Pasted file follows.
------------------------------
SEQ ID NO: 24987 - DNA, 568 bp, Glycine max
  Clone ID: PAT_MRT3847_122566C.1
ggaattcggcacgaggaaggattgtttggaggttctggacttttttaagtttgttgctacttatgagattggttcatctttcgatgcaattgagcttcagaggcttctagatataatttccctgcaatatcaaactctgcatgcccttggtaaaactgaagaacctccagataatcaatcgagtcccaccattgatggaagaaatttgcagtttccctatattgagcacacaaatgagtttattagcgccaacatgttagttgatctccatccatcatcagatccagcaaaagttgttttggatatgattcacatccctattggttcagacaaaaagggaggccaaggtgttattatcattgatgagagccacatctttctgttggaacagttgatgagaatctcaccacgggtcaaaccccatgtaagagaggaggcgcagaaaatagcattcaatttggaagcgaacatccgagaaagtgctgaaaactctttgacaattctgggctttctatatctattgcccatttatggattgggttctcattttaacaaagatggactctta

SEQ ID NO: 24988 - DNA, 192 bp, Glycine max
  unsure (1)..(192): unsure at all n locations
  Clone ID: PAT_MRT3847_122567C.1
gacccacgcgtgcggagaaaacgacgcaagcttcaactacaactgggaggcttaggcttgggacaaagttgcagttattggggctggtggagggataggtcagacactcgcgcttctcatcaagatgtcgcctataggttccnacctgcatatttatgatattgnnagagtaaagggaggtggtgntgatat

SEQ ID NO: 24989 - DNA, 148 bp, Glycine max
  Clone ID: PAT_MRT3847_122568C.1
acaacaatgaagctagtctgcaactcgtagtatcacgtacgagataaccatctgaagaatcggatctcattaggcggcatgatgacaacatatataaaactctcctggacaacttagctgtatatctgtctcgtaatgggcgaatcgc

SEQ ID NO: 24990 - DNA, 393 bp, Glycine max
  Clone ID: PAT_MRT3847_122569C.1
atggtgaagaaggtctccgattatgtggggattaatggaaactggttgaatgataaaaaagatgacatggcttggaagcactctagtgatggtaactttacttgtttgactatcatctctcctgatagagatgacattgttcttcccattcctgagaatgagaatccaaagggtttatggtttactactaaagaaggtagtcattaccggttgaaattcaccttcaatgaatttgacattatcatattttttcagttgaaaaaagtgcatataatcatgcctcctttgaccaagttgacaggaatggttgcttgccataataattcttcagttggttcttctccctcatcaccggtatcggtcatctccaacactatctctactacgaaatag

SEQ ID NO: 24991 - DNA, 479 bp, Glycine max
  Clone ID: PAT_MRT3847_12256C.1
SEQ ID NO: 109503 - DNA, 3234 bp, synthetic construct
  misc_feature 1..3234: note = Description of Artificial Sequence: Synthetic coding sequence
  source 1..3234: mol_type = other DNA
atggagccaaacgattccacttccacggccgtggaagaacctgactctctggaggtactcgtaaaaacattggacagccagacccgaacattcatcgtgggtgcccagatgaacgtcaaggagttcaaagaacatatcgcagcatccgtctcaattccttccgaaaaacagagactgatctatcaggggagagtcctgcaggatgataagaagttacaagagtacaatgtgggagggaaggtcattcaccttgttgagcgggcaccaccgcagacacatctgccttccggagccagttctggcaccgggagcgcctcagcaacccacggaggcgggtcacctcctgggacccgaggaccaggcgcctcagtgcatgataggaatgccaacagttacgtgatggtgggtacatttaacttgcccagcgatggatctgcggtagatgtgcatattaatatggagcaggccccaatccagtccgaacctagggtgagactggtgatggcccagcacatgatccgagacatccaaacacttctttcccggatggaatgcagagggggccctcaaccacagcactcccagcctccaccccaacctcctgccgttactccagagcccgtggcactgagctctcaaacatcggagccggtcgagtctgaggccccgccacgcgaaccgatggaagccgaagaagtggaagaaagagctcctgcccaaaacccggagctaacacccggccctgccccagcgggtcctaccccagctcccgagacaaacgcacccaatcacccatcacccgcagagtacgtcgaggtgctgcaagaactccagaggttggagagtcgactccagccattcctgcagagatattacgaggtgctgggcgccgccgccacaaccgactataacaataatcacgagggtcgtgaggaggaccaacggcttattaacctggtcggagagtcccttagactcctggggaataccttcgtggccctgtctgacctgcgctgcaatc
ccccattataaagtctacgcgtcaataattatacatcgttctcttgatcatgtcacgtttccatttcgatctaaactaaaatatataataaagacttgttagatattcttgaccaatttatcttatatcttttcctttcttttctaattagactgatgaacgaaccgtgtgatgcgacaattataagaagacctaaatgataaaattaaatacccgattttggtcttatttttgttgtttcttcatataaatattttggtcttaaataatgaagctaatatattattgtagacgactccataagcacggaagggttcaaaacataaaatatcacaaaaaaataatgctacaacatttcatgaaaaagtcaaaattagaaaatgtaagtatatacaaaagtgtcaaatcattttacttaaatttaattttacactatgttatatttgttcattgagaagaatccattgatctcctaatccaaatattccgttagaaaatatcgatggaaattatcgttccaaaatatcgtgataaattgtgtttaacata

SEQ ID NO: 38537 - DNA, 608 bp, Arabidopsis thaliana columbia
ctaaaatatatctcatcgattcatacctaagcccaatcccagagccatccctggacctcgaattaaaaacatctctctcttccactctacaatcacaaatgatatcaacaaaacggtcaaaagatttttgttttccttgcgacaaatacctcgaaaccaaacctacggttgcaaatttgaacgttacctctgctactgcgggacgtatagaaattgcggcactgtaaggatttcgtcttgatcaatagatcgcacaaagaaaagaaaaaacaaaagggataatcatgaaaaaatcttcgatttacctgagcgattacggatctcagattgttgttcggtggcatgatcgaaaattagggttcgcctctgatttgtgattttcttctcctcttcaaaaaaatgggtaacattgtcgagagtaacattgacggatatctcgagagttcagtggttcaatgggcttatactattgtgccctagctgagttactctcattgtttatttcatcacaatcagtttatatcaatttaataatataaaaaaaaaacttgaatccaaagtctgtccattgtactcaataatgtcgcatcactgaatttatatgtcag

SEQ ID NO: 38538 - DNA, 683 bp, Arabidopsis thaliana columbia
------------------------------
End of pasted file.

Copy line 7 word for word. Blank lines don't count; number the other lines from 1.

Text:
gacccacgcgtgcggagaaaacgacgcaagcttcaactacaactgggaggcttaggcttgggacaaagttgcagttattggggctggtggagggataggtcagacactcgcgcttctcatcaagatgtcgcctataggttccnacctgcatatttatgatattgnnagagtaaagggaggtggtgntgatat